On August 1, 2013, Illinois Governor Pat Quinn signed into law the Compassionate Use of Medical Cannabis Pilot Program Act, a four-year pilot program legalizing the use of marijuana for medical purposes. Illinois is the 20th state to legalize medical marijuana.
The law, which will go into effect January 1, 2014, allows registered users to purchase up to 2.5 ounces of marijuana every 14 days from a state licensed dispensary. The Department of Public Health will issue identification cards to all registered users, including qualifying patients and designated caregivers.
The controlled amount of medical marijuana can be purchased and used by patients suffering from one of thirty-three serious conditions, including cancer, Parkinson’s disease, and multiple sclerosis. The patient must have an ongoing relationship with the doctor who prescribes the marijuana. Registered users cannot grow their own marijuana, nor will they be allowed to possess or use marijuana in vehicles, on school grounds, or in public places.
Impact on the Workplace
The Act contains specific provisions regarding the workplace that attempt to balance the interests of employers and employees. For example, although employers may not penalize employees for their status as patients who are qualified and registered to purchase medical marijuana, employers nevertheless retain significant rights under the Act. Employers may restrict or prohibit such individuals from using marijuana at work and may implement a drug-free workplace policy, provided the policy is enforced in a nondiscriminatory manner. Employers may also adopt reasonable policies concerning the consumption, storage, or timekeeping requirements for registered users.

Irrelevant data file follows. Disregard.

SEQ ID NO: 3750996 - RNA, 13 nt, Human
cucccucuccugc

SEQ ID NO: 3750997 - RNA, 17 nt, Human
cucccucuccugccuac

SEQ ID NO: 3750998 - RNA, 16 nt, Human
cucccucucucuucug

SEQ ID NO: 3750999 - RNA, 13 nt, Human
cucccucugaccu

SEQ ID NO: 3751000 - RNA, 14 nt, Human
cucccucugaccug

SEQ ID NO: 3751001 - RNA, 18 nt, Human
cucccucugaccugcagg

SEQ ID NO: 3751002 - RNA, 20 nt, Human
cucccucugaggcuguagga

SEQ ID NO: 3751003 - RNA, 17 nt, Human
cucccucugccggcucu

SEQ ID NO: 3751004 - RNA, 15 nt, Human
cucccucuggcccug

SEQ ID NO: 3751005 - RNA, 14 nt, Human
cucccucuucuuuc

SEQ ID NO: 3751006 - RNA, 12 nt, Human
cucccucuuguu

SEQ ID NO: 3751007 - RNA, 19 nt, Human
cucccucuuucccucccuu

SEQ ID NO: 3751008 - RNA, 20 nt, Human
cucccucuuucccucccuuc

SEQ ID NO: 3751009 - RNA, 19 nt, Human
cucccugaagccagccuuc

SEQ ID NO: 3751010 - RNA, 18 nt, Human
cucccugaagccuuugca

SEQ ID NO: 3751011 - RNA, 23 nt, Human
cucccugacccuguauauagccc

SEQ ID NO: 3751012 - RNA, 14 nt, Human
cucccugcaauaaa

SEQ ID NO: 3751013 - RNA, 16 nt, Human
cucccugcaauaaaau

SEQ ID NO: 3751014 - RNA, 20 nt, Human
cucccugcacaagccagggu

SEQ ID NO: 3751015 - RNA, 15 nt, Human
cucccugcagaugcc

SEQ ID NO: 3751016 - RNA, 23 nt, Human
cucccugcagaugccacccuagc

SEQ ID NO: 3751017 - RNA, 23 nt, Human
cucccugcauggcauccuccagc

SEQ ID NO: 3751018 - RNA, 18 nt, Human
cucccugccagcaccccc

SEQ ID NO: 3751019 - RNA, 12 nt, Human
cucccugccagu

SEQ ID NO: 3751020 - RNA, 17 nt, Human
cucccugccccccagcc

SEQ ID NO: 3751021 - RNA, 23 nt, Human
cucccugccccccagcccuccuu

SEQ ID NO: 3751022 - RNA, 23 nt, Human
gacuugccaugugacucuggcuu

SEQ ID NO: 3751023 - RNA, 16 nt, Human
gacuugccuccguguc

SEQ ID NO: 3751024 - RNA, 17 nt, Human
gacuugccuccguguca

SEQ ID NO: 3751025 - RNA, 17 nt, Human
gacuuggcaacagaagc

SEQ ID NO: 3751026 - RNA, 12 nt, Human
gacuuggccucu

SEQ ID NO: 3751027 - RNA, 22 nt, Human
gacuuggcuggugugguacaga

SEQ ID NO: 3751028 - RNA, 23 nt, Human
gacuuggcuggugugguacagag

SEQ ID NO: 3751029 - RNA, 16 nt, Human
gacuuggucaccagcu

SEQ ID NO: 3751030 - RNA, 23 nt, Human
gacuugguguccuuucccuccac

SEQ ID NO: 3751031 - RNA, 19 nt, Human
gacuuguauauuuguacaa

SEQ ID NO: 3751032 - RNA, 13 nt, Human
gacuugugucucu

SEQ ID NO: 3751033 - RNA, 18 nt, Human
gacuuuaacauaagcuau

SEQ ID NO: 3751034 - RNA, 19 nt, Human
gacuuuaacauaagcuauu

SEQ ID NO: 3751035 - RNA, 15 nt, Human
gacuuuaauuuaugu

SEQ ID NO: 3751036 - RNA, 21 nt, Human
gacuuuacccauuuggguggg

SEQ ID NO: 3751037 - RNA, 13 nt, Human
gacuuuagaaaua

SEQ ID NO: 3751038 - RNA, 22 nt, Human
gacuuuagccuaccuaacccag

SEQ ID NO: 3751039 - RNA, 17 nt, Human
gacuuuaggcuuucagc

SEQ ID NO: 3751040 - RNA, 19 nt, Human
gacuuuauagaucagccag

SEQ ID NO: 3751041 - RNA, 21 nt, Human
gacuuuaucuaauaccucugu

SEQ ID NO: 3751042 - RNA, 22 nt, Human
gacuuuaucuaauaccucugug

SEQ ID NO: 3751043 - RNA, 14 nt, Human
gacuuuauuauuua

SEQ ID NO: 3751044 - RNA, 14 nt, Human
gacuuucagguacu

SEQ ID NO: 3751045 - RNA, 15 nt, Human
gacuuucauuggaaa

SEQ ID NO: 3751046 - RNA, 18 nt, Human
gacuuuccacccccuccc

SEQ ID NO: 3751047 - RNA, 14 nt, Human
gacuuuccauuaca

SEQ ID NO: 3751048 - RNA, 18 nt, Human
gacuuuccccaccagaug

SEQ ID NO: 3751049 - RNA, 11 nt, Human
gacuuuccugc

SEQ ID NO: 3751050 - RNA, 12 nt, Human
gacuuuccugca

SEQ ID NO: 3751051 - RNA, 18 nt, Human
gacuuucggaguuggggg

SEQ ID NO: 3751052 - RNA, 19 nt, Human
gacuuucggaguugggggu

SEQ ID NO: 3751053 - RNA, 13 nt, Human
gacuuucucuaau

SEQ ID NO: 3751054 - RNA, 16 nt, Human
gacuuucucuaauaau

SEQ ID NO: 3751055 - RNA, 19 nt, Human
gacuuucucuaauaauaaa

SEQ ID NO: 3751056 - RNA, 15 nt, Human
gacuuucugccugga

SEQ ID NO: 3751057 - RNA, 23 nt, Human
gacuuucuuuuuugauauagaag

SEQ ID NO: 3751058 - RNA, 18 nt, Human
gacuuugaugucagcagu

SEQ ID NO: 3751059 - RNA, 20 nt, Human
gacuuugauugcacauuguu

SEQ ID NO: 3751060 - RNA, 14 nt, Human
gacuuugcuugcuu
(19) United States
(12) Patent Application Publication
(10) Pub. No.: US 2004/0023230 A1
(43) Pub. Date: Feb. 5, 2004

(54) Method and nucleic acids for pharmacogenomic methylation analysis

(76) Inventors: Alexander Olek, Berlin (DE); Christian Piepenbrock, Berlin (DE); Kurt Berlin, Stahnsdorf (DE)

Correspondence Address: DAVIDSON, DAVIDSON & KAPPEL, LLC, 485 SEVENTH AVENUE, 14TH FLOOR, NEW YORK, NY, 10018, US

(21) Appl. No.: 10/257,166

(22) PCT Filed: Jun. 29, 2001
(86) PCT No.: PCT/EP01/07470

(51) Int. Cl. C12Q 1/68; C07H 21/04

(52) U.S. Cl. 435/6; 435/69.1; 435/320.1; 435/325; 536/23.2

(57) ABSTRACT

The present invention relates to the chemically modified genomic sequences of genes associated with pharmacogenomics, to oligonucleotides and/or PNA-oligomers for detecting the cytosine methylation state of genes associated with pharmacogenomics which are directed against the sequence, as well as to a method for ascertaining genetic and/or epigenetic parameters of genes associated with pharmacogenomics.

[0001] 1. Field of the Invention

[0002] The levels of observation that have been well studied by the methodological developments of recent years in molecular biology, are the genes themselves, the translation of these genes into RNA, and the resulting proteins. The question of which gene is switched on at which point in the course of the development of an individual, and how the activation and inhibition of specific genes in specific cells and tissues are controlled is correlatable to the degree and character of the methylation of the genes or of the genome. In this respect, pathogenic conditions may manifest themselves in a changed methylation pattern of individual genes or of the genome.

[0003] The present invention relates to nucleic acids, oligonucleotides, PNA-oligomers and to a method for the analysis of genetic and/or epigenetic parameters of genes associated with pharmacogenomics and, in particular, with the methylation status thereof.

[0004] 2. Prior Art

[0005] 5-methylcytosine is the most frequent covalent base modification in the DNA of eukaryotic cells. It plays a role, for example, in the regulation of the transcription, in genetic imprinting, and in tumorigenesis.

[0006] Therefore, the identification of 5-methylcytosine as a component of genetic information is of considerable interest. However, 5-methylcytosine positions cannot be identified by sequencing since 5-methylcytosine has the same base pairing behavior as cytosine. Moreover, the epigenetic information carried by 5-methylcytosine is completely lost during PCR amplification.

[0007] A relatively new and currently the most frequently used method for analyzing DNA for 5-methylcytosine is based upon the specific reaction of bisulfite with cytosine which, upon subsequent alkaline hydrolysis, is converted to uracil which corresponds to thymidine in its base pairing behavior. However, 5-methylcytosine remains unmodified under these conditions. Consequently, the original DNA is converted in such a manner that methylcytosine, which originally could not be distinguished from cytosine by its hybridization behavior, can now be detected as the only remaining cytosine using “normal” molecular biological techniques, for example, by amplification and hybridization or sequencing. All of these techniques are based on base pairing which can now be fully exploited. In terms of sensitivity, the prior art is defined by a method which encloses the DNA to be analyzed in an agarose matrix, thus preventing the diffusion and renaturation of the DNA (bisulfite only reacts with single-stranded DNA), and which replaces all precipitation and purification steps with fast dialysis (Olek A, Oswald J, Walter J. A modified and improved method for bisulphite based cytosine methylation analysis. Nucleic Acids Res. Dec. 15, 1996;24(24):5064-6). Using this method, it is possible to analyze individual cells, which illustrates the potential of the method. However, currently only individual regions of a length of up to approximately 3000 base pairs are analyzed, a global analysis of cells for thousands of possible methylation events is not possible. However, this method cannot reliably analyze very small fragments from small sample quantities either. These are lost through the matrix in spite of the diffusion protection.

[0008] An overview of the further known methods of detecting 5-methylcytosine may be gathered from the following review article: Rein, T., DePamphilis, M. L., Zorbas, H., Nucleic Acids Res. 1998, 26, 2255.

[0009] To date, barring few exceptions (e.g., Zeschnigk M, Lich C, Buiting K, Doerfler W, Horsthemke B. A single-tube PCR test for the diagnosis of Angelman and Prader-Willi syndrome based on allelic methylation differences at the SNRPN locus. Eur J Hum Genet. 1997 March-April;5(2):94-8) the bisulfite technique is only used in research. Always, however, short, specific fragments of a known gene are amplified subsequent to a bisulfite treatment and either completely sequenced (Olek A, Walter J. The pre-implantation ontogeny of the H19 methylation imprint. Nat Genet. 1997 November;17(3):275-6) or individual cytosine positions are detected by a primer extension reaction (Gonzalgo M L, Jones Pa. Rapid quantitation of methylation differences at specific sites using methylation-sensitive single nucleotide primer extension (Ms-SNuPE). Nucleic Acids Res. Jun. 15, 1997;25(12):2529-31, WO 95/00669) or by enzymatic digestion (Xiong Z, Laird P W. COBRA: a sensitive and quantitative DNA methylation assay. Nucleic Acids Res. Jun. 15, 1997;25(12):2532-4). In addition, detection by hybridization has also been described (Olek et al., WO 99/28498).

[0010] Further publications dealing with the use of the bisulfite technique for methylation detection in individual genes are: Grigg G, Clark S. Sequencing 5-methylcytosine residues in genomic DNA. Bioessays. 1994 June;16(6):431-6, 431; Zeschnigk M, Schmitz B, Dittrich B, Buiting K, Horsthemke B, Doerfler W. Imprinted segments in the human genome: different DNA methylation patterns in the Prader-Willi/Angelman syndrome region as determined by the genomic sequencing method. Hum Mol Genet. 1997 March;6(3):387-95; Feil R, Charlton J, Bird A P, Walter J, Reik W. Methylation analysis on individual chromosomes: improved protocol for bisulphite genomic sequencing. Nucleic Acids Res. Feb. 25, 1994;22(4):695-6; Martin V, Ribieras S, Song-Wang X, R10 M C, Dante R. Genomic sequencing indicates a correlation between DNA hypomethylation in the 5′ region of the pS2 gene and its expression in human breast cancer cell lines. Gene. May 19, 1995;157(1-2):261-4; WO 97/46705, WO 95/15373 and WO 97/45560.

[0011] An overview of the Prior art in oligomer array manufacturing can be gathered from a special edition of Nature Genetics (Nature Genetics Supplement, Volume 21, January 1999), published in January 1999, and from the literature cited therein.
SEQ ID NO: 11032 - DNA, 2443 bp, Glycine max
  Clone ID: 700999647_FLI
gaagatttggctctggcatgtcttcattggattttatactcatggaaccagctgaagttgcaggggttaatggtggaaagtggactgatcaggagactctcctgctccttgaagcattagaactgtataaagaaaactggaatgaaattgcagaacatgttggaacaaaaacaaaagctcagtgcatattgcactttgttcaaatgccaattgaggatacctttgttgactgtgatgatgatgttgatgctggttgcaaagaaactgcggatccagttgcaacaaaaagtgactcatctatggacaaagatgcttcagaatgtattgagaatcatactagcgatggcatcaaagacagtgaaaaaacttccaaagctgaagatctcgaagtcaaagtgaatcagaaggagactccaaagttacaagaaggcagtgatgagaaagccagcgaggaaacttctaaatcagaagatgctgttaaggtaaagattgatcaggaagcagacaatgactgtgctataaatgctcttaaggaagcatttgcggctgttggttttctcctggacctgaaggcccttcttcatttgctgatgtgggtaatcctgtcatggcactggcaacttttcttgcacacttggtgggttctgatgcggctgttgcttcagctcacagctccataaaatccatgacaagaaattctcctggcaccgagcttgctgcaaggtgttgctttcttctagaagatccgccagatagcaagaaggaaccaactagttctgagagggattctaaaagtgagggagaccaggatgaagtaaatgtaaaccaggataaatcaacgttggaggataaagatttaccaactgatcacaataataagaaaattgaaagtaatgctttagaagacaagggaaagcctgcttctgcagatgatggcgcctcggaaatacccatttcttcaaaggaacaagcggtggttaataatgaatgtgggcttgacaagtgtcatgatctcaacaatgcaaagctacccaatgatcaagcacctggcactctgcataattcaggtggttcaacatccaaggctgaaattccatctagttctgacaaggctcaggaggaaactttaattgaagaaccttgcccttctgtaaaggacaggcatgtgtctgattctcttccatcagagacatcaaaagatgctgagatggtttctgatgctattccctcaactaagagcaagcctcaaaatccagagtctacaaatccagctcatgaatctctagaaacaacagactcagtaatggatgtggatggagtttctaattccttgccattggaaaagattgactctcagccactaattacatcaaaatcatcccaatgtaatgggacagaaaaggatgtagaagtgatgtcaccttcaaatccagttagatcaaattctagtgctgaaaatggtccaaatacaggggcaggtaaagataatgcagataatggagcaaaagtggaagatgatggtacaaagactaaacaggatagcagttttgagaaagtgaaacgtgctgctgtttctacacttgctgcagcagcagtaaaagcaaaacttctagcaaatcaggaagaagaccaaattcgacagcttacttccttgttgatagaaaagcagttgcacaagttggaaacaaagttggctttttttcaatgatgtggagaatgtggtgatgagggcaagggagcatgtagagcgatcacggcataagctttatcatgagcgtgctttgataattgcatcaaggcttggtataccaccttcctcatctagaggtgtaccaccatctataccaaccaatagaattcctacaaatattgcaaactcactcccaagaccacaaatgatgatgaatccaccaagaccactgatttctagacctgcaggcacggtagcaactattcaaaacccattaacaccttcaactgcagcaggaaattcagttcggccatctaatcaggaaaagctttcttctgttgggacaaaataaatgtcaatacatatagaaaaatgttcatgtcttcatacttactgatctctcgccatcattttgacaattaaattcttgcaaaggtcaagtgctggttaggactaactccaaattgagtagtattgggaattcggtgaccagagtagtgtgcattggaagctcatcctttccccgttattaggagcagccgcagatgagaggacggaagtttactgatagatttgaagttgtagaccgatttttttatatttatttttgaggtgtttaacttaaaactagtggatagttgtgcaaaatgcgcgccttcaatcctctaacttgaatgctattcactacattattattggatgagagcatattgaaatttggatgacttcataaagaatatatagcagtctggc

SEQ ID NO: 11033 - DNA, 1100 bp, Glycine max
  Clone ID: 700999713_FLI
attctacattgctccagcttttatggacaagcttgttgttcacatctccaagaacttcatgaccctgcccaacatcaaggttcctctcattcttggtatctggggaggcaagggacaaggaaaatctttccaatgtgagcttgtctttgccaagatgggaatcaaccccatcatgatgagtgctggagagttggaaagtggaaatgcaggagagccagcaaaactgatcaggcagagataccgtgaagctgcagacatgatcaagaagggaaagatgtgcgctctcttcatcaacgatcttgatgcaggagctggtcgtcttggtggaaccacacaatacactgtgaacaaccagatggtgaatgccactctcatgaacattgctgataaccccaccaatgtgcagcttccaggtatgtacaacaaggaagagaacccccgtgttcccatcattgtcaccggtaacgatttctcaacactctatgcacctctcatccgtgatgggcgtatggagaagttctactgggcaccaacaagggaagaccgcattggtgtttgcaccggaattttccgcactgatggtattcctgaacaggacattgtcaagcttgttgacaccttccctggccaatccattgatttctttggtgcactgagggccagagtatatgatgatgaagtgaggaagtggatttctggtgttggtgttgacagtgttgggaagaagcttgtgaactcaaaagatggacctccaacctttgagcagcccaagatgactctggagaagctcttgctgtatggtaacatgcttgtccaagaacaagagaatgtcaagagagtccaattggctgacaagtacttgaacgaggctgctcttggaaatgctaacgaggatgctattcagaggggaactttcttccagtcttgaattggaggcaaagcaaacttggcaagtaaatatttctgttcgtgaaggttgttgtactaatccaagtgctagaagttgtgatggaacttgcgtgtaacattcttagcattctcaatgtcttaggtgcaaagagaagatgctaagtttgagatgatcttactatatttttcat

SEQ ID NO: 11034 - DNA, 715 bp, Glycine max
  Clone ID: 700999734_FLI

Practical Tips for Employers
Employers should know the Act’s implications on day-to-day business operations, including the hiring process. Although the law allows an employer to prohibit the use of medical marijuana on its premises, registered users who test positive on a drug test may not necessarily be disciplined in the same manner as those who are not registered users. An employer also cannot discriminate against an applicant who tests positive on a pre-employment drug screen if the applicant is a registered user. An employer may, however, discipline or refuse to hire a registered user for failing a drug test if the employer risks losing a federal contract or funding.